Gig’s Black History Month Driving Tours

Bay Area, Seattle, and Sacramento

Black History Month is underway. It’s an opportunity to reflect on and celebrate the contributions of Black Americans. It’s also a chance to explore the communities where local heroes, past and present, have left their marks in Northern California & Seattle.   

Here are a few destinations and nearby Black-owned eateries to include in your driving tour:

Bay Area

Mary Ellen Pleasant Park - 1699 Octavia St, San Francisco

Photo Courtesy of

Once the site of Bell Mansion, a massive boarding house built for abolitionist Mary Ellen Pleasant. Pleasant, known as “the mother of civil rights in California,” brought the Underground Railroad to its western terminal in California and financed John Brown’s revolt. Her memorial plaque & eucalyptus grove is the smallest park in SF.  

Stop by Z Soul Cafe on Eddy St. for some amazing roasted lamb shank or lentil soup. 

The Presidio - 101 Montgomery St - San Francisco

Sitting on the grounds of a 200-year old military encampment, The Presidio was once the station of the Buffalo Soldiers, the famous brigade of Black soldiers that patrolled the ‘wild west’ in the early 20th century. 

Stop by Taqueria Los Mayas on Clement to pick up some ceviche or a burrito bowl for lunch. 

Black Panther Party HQ - 1048 Peralta St, Oakland

Photo Courtesy of the Oakland Museum of CA

At the intersection, there’s a two-story Victorian home* that was the original operations center of the Black Panther Party. Founded in 1966 by Huey Newton, Bobby Seale and Elbert Howard, a mural remains at 14th St as a testament to the movement that sparked a revolution. 

Stop by Vegan Mob at 500 Lake Park Ave to pick up some delicious plant-based brisket or burgers for lunch.

*Please note, some of these locations are privately owned. Do not disturb residents or trespass.


Hendrix Monument - Greenwood Memorial Park 

Jimi Hendirx monument Greenwood memorial park

Watch out for the crosstown traffic as you make your way to this shrine memorializing the birth city of the legend himself – Jimi Hendrix. “If you listen closely here, you may hear the wind cry 'Mary.'

Stop by the Angel City Deli (about 3 miles west) for fried catfish or their giant rib dinner plate. 

August Wilson Way - Lower Queen Anne

August Wilson Way, Seattle, Lower Queen Anne
Photo Courtesy of the Seattle Center

This monument to one of the most prolific playwrights of the 20th century can be found kitty-corner from the Pacific Northwest Ballet. A Seattle resident until his death in 2005, Wilson translated the Black experience to a mainstream audience with his 10 hit plays, including the Pulitzer Prize-winning Fences (1985).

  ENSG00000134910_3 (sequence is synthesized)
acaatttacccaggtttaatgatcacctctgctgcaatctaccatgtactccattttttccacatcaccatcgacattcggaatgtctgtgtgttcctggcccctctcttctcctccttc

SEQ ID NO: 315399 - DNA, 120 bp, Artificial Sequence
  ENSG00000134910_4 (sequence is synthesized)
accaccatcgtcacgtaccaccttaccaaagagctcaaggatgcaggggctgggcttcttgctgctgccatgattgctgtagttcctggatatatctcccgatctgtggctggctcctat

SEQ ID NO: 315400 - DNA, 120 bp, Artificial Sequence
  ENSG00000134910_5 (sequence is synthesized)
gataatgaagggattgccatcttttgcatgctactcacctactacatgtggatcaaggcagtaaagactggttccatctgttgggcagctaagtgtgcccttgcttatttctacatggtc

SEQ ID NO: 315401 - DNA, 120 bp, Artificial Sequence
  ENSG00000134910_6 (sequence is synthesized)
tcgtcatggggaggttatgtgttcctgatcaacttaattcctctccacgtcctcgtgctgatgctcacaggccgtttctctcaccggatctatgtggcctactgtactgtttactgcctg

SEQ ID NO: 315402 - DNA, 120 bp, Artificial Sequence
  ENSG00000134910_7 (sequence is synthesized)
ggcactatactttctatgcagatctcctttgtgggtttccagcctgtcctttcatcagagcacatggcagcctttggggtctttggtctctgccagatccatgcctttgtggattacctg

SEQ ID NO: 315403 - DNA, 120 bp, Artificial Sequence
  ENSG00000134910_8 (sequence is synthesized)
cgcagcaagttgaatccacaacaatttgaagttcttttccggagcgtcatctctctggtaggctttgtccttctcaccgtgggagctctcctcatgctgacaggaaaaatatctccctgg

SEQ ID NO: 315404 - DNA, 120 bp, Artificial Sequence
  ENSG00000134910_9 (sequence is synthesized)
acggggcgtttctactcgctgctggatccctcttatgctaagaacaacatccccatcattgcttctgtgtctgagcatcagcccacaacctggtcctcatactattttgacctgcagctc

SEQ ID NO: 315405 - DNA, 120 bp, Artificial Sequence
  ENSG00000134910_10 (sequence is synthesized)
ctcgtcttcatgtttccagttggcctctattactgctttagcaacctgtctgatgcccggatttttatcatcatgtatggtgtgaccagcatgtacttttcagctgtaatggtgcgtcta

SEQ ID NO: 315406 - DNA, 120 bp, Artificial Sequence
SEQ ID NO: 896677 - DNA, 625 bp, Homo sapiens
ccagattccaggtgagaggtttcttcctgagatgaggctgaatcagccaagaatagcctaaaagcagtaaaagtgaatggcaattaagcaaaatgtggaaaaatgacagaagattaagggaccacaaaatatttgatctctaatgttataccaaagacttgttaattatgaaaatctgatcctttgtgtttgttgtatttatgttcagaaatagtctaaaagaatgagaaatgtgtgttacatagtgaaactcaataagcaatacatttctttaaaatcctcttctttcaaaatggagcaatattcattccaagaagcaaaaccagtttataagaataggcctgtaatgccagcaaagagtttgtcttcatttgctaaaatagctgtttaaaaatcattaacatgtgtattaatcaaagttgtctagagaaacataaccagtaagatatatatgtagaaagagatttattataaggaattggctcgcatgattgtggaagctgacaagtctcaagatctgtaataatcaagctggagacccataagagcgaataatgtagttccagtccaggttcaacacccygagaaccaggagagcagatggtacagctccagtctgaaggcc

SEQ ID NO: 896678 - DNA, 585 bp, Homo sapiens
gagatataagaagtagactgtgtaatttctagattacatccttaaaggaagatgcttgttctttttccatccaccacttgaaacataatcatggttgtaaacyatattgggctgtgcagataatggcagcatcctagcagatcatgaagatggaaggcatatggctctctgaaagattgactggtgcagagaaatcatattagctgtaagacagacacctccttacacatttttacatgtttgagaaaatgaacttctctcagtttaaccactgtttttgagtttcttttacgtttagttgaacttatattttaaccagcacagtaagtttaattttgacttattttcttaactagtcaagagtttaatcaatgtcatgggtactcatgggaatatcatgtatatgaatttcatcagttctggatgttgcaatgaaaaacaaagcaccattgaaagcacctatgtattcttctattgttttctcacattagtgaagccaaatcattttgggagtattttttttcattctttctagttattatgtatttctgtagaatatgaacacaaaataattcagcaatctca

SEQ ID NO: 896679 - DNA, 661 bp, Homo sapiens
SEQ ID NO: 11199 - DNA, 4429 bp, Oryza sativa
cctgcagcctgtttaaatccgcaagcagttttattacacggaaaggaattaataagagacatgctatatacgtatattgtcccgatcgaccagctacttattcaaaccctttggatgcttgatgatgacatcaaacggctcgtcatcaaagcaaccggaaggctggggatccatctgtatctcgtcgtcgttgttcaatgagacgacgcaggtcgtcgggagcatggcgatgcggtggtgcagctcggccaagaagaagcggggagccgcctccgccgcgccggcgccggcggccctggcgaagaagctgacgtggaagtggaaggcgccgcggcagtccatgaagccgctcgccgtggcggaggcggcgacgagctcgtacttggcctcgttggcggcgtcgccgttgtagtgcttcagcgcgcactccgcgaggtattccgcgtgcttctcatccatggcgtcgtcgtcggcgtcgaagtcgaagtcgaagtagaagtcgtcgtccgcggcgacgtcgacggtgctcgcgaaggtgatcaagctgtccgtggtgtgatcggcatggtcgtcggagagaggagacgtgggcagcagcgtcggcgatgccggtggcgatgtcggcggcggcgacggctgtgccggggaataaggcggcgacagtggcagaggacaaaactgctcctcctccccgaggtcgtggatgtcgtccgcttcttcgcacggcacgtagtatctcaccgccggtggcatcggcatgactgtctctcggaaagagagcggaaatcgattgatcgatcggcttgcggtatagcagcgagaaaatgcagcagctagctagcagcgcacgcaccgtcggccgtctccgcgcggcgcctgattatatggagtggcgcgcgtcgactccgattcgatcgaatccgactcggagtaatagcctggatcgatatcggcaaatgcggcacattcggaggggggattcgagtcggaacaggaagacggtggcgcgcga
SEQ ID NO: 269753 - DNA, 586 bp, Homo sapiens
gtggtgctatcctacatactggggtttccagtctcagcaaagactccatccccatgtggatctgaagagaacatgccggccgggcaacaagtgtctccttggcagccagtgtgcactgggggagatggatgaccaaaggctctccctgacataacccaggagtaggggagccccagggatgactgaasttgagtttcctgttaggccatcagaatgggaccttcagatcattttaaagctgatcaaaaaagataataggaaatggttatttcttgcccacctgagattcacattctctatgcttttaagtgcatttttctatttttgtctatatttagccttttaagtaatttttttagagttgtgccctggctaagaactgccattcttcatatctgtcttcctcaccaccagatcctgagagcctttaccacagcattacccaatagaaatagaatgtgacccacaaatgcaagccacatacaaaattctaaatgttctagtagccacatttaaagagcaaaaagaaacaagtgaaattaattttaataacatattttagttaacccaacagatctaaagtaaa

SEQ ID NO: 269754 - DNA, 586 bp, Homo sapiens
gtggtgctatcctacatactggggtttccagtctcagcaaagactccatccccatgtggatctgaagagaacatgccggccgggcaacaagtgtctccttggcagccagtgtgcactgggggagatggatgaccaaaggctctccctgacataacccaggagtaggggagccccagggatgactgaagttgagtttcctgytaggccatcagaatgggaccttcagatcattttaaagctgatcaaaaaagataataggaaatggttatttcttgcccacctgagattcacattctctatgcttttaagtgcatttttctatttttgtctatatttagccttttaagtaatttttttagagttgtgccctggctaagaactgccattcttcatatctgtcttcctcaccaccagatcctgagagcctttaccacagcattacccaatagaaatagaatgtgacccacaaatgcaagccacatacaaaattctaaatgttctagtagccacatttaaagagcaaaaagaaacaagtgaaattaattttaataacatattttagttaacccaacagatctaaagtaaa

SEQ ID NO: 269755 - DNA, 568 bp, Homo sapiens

Stop by Toulose Petit on Queen Anne Ave for some wonderful N’Orleans fare, including duck confit and crawfish beignets.

Martin Luther King Jr. Memorial & Park 

Martin Luther King Jr Memorial Park, Seattle

In the center of MLK Memorial Park sits a black granite monument to Dr. King’s “I’ve been to the mountaintop,” speech he gave shortly before his final day in 1968.

Stop by The Original Philly’s about a half mile south on MLK Way for the best Philly-style cheesesteaks in town. 


The Nathaniel Colley Building

Photo courtesy of Sacramento City Express

Famed Black lawyer Nathaniel Colley’s former office is recognized as a formal Sacramento landmark. Colley fought for the desegregation of public housing in Sacramento. The Nathaniel Colley Building was built in1967 and designed by James C. Dodd, the first licensed Black architect in Sacramento. It is located at 1810 S St.

Florin Square

photo courtesy of

Florin Square is known as “Sacramento’s Black Wall Street” and is the largest collaboration of Black-owned businesses in Northern California. It features a diverse group of service businesses, retailers, and nonprofits. Florin Square houses the SoJourner Truth Art Museum and the African Marketplace, spotlighting African American vendors. The African Marketplace is held the first and third Saturday of each month from 12:00 - 6:00 pm.

St. Andrews African Methodist Episcopal (A.M.E.) Church

Photo courtesy of

In 1850, the St. Andrews African Methodist Episcopal (A.M.E.) Church in Sacramento was founded. This congregation was the first Black church established on the Pacific Coast, and was the site of a groundswell of the first organized political activity by Blacks in California. The original wooden church was located at 715 Seventh St., while the current location is 2121 8th St.

Make sure to check out this list of Black-owned restaurants from Sacramento Magazine before you head out, to plan your driving tour meal stop!

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